A block party erupts at Rams Super Bowl parade

Just before the start of the Rams Super Bowl parade Wednesday, the corner of Figueroa Street and Jefferson Blvd was a block party.

Tupac Skakur’s voice blasted from portable speakers. There were beers in hand, bacon-wrapped hotdogs sizzling on a vendor’s grill, and fans in jerseys yelling out, “Whose house? Rams house!”

“I’m representing L.A. — the city of champions, that’s what we’re about,” said Jared Chavarria, 32, of Bloomington, who was born and raised in Los Angeles, pounding the front of his Rams jersey. “All that negativity is out the window.”

Chavarria was joined by his two co-workers Gilbert Nieto, 58, and Danny Viveros, 59, all of whom took the day off from their jobs at a DHL warehouse in the Inland Empire.

Viveros has been a Rams fan since the 1960s. “When they left for St. Louis, they broke my heart,” he said. On Sunday, when he watched Rams quarterback Matthew Stafford take a knee to run out the clock, he said that he and Chavarria cried.

Though Nieto isn’t a Rams fan, he’s a diehard Los Angeles fan. He’s a veteran at showing up for championship celebrations in the city. From rallies at the Forum in Inglewood with the Showtime Lakers on the stage, to the “Kobe-Shaq” three-peat in the 1990s and 2000s, the back-to-back rings with Kobe Bryant and Pau Gasol, and the Kings’ NHL championships, which also brought crowds along Figueroa, Wednesday was his 11th victory celebration.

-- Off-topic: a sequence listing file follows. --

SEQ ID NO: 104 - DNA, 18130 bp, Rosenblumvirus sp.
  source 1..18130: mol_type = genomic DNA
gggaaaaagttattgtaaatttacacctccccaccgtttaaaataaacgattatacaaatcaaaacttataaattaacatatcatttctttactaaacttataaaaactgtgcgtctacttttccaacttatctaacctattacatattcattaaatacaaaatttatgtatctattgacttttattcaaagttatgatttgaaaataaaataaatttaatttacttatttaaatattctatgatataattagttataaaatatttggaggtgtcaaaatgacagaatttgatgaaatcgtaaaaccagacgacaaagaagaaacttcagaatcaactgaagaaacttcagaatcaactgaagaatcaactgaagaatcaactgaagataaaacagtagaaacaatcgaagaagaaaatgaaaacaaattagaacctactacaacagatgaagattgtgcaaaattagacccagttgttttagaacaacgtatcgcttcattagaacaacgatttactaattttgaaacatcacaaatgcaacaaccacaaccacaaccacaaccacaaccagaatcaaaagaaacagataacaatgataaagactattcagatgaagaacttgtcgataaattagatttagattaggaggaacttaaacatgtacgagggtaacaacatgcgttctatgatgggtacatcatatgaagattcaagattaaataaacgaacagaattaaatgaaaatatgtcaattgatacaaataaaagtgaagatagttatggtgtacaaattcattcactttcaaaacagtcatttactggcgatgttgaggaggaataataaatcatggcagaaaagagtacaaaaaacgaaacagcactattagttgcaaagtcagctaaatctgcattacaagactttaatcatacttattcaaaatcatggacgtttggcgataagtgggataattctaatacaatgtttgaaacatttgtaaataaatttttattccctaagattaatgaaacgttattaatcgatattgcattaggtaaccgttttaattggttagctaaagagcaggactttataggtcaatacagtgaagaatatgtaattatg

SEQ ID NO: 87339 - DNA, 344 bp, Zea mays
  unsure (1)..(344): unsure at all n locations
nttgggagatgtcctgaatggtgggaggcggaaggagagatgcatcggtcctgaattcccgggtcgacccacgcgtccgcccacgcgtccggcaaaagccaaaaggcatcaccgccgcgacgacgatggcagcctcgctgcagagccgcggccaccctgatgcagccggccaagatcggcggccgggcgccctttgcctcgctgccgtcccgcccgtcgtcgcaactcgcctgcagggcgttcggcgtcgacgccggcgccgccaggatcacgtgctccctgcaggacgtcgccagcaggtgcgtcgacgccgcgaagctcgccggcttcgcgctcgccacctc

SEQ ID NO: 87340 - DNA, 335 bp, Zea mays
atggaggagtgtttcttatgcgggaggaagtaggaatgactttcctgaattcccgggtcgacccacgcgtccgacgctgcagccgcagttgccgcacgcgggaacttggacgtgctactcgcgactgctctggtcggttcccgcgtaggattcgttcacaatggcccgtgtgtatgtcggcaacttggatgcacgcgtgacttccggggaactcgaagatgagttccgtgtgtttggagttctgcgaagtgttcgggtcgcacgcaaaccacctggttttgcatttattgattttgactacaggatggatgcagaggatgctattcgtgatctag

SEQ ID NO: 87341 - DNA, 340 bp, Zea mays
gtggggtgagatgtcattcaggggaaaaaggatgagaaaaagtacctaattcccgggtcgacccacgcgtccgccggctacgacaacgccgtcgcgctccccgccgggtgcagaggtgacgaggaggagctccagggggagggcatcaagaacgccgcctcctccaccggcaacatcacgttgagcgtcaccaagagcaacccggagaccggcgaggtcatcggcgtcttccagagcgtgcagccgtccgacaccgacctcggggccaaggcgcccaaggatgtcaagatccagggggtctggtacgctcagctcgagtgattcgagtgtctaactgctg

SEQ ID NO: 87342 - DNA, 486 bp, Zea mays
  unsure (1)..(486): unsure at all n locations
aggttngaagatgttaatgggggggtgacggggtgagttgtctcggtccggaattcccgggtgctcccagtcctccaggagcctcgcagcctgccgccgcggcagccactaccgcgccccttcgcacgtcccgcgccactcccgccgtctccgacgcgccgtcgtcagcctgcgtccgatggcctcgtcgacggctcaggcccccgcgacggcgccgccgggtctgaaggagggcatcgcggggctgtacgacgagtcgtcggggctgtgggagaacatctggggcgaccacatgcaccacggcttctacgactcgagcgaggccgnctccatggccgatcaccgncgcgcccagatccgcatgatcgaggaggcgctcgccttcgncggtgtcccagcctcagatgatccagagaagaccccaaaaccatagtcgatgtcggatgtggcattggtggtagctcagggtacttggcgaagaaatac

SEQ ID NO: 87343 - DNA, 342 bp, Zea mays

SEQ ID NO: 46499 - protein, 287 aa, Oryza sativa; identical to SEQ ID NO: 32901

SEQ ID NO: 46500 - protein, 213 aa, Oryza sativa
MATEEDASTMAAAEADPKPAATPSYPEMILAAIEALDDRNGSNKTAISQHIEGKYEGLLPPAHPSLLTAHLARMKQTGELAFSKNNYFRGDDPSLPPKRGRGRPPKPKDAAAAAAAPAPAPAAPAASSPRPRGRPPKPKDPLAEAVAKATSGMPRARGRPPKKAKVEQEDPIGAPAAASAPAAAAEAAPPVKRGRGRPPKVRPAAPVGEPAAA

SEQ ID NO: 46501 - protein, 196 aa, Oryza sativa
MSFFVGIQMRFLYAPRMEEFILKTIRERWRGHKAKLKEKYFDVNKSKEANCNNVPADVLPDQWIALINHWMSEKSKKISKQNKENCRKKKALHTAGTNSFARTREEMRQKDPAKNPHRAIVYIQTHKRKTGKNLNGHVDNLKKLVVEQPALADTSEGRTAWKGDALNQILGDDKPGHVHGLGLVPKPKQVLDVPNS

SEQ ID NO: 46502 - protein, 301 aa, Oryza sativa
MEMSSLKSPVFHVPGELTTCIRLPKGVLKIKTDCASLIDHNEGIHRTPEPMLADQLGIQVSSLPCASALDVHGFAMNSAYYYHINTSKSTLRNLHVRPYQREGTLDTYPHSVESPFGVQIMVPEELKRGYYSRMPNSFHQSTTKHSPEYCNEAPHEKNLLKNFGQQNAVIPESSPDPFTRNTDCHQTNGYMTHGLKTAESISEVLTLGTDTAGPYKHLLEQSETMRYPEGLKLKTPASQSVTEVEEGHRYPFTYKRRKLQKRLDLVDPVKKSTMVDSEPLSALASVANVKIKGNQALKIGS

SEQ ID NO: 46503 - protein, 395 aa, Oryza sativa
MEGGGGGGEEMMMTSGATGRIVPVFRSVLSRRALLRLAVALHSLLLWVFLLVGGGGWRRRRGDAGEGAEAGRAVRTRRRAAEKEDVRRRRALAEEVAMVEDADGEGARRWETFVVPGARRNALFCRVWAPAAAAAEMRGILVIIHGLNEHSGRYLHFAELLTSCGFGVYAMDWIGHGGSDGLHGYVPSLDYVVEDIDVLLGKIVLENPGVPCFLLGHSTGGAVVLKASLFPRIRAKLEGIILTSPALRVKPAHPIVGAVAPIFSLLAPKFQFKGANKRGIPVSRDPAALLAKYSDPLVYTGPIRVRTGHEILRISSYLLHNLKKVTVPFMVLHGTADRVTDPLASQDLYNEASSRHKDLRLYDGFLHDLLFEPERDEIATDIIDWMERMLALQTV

“I got L.A. tattooed on my chest,” he said, pointing to the spot that was covered by his blue and gold jersey.

Though Los Angeles professional sports teams have won three championships throughout the pandemic, Wednesday’s parade marked the first planned celebration of its kind since the outbreak of COVID-19.

Even so, attending meant taking a calculated risk for some fans like Hilton Rodriguez, 51, of Long Beach, whose wife and mother contracted COVID-19 in 2020.

“I was really debating coming or not coming,” said Rodriguez, who came to the parade alone. “I said, ‘You know what? I don’t know when L.A. is gonna win another championship. And with COVID, I don’t know how it’s be,’ so I had to get out there.”

Rodriguez said he remembered days as a young man sneaking into the L.A. Memorial Coliseum for Rams and Raiders games. So today’s championship parade, which ends at the Coliseum, feels like he’s come full circle, making his attendance worth the COVID risk.

He spread his arms wide to show he was socially distancing in “his little space,” stretching his black leather jacket with large-stitch Dodgers’ and Lakers’ logos on the back, framed by the prideful slogan “City of Champions.”

“This is the new normal — you’re gonna either risk it or not,” he said, adding that he and his family were vaccinated and boosted. “I’m just repping who we are. I live sports.”

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